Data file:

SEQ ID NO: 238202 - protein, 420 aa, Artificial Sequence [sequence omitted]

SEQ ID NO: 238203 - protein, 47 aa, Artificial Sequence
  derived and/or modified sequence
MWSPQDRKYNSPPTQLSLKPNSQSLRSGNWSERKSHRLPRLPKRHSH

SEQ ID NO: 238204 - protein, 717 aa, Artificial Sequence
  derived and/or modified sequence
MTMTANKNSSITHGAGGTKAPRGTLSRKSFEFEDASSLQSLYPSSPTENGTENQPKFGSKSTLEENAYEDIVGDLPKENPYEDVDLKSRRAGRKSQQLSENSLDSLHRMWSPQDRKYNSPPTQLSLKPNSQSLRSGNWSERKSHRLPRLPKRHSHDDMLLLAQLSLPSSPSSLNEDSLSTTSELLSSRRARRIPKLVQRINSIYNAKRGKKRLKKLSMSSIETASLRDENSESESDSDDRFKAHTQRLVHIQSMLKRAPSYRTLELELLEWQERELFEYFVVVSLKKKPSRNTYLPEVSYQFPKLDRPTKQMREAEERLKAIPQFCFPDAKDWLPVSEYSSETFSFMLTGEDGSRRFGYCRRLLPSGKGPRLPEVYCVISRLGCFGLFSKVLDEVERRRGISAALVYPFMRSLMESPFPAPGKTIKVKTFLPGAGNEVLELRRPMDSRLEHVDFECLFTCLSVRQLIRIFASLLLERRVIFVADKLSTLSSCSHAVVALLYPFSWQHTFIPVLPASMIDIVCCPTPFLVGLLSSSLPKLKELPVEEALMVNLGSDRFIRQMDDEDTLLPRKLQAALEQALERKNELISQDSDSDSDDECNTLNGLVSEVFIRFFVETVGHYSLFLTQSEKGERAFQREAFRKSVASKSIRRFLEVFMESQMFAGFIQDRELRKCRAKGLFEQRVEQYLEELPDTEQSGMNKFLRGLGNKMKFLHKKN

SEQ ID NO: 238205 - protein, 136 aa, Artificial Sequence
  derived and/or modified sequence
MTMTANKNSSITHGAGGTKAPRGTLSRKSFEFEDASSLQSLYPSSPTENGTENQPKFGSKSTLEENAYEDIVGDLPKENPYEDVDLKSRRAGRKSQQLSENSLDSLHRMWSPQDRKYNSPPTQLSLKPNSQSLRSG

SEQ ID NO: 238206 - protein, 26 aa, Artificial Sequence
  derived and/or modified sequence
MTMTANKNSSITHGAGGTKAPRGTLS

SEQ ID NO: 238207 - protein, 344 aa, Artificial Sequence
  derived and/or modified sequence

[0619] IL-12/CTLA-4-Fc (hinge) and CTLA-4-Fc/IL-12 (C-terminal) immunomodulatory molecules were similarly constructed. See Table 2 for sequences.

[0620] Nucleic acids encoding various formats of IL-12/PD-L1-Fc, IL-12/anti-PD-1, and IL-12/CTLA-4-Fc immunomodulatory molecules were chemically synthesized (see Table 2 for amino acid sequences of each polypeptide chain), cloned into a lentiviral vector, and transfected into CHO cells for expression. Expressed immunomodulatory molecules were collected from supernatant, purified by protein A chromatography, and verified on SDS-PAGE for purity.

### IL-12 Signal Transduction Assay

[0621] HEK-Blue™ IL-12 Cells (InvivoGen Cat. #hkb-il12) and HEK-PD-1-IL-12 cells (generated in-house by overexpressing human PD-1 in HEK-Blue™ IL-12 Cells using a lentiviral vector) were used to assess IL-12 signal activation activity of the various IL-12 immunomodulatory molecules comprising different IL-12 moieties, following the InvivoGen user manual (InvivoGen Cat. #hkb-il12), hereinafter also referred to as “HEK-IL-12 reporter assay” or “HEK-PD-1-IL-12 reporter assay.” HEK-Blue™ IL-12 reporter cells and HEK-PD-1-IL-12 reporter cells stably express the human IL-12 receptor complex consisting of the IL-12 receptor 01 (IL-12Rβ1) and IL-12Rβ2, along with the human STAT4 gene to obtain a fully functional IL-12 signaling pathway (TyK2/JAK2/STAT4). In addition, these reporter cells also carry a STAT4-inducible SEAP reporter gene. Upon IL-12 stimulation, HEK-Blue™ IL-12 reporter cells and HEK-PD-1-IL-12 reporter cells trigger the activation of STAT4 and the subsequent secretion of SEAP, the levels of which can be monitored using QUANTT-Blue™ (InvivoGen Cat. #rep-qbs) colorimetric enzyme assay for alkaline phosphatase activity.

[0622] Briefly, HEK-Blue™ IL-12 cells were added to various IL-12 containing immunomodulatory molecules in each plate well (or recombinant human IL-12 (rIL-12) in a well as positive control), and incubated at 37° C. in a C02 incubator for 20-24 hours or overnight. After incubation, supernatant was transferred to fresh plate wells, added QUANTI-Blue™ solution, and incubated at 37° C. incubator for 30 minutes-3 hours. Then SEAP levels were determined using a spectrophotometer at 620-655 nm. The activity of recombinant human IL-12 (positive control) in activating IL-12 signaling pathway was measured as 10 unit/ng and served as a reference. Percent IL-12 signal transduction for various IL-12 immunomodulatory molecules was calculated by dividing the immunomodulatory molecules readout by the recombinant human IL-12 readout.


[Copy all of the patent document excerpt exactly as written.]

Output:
SEQ ID NO: 238202 - protein, 420 aa, Artificial Sequence [sequence omitted]

SEQ ID NO: 238203 - protein, 47 aa, Artificial Sequence
  derived and/or modified sequence
MWSPQDRKYNSPPTQLSLKPNSQSLRSGNWSERKSHRLPRLPKRHSH

SEQ ID NO: 238204 - protein, 717 aa, Artificial Sequence
  derived and/or modified sequence
MTMTANKNSSITHGAGGTKAPRGTLSRKSFEFEDASSLQSLYPSSPTENGTENQPKFGSKSTLEENAYEDIVGDLPKENPYEDVDLKSRRAGRKSQQLSENSLDSLHRMWSPQDRKYNSPPTQLSLKPNSQSLRSGNWSERKSHRLPRLPKRHSHDDMLLLAQLSLPSSPSSLNEDSLSTTSELLSSRRARRIPKLVQRINSIYNAKRGKKRLKKLSMSSIETASLRDENSESESDSDDRFKAHTQRLVHIQSMLKRAPSYRTLELELLEWQERELFEYFVVVSLKKKPSRNTYLPEVSYQFPKLDRPTKQMREAEERLKAIPQFCFPDAKDWLPVSEYSSETFSFMLTGEDGSRRFGYCRRLLPSGKGPRLPEVYCVISRLGCFGLFSKVLDEVERRRGISAALVYPFMRSLMESPFPAPGKTIKVKTFLPGAGNEVLELRRPMDSRLEHVDFECLFTCLSVRQLIRIFASLLLERRVIFVADKLSTLSSCSHAVVALLYPFSWQHTFIPVLPASMIDIVCCPTPFLVGLLSSSLPKLKELPVEEALMVNLGSDRFIRQMDDEDTLLPRKLQAALEQALERKNELISQDSDSDSDDECNTLNGLVSEVFIRFFVETVGHYSLFLTQSEKGERAFQREAFRKSVASKSIRRFLEVFMESQMFAGFIQDRELRKCRAKGLFEQRVEQYLEELPDTEQSGMNKFLRGLGNKMKFLHKKN

SEQ ID NO: 238205 - protein, 136 aa, Artificial Sequence
  derived and/or modified sequence
MTMTANKNSSITHGAGGTKAPRGTLSRKSFEFEDASSLQSLYPSSPTENGTENQPKFGSKSTLEENAYEDIVGDLPKENPYEDVDLKSRRAGRKSQQLSENSLDSLHRMWSPQDRKYNSPPTQLSLKPNSQSLRSG

SEQ ID NO: 238206 - protein, 26 aa, Artificial Sequence
  derived and/or modified sequence
MTMTANKNSSITHGAGGTKAPRGTLS

SEQ ID NO: 238207 - protein, 344 aa, Artificial Sequence
  derived and/or modified sequence

[0619] IL-12/CTLA-4-Fc (hinge) and CTLA-4-Fc/IL-12 (C-terminal) immunomodulatory molecules were similarly constructed. See Table 2 for sequences.

[0620] Nucleic acids encoding various formats of IL-12/PD-L1-Fc, IL-12/anti-PD-1, and IL-12/CTLA-4-Fc immunomodulatory molecules were chemically synthesized (see Table 2 for amino acid sequences of each polypeptide chain), cloned into a lentiviral vector, and transfected into CHO cells for expression. Expressed immunomodulatory molecules were collected from supernatant, purified by protein A chromatography, and verified on SDS-PAGE for purity.

### IL-12 Signal Transduction Assay

[0621] HEK-Blue™ IL-12 Cells (InvivoGen Cat. #hkb-il12) and HEK-PD-1-IL-12 cells (generated in-house by overexpressing human PD-1 in HEK-Blue™ IL-12 Cells using a lentiviral vector) were used to assess IL-12 signal activation activity of the various IL-12 immunomodulatory molecules comprising different IL-12 moieties, following the InvivoGen user manual (InvivoGen Cat. #hkb-il12), hereinafter also referred to as “HEK-IL-12 reporter assay” or “HEK-PD-1-IL-12 reporter assay.” HEK-Blue™ IL-12 reporter cells and HEK-PD-1-IL-12 reporter cells stably express the human IL-12 receptor complex consisting of the IL-12 receptor 01 (IL-12Rβ1) and IL-12Rβ2, along with the human STAT4 gene to obtain a fully functional IL-12 signaling pathway (TyK2/JAK2/STAT4). In addition, these reporter cells also carry a STAT4-inducible SEAP reporter gene. Upon IL-12 stimulation, HEK-Blue™ IL-12 reporter cells and HEK-PD-1-IL-12 reporter cells trigger the activation of STAT4 and the subsequent secretion of SEAP, the levels of which can be monitored using QUANTT-Blue™ (InvivoGen Cat. #rep-qbs) colorimetric enzyme assay for alkaline phosphatase activity.

[0622] Briefly, HEK-Blue™ IL-12 cells were added to various IL-12 containing immunomodulatory molecules in each plate well (or recombinant human IL-12 (rIL-12) in a well as positive control), and incubated at 37° C. in a C02 incubator for 20-24 hours or overnight. After incubation, supernatant was transferred to fresh plate wells, added QUANTI-Blue™ solution, and incubated at 37° C. incubator for 30 minutes-3 hours. Then SEAP levels were determined using a spectrophotometer at 620-655 nm. The activity of recombinant human IL-12 (positive control) in activating IL-12 signaling pathway was measured as 10 unit/ng and served as a reference. Percent IL-12 signal transduction for various IL-12 immunomodulatory molecules was calculated by dividing the immunomodulatory molecules readout by the recombinant human IL-12 readout.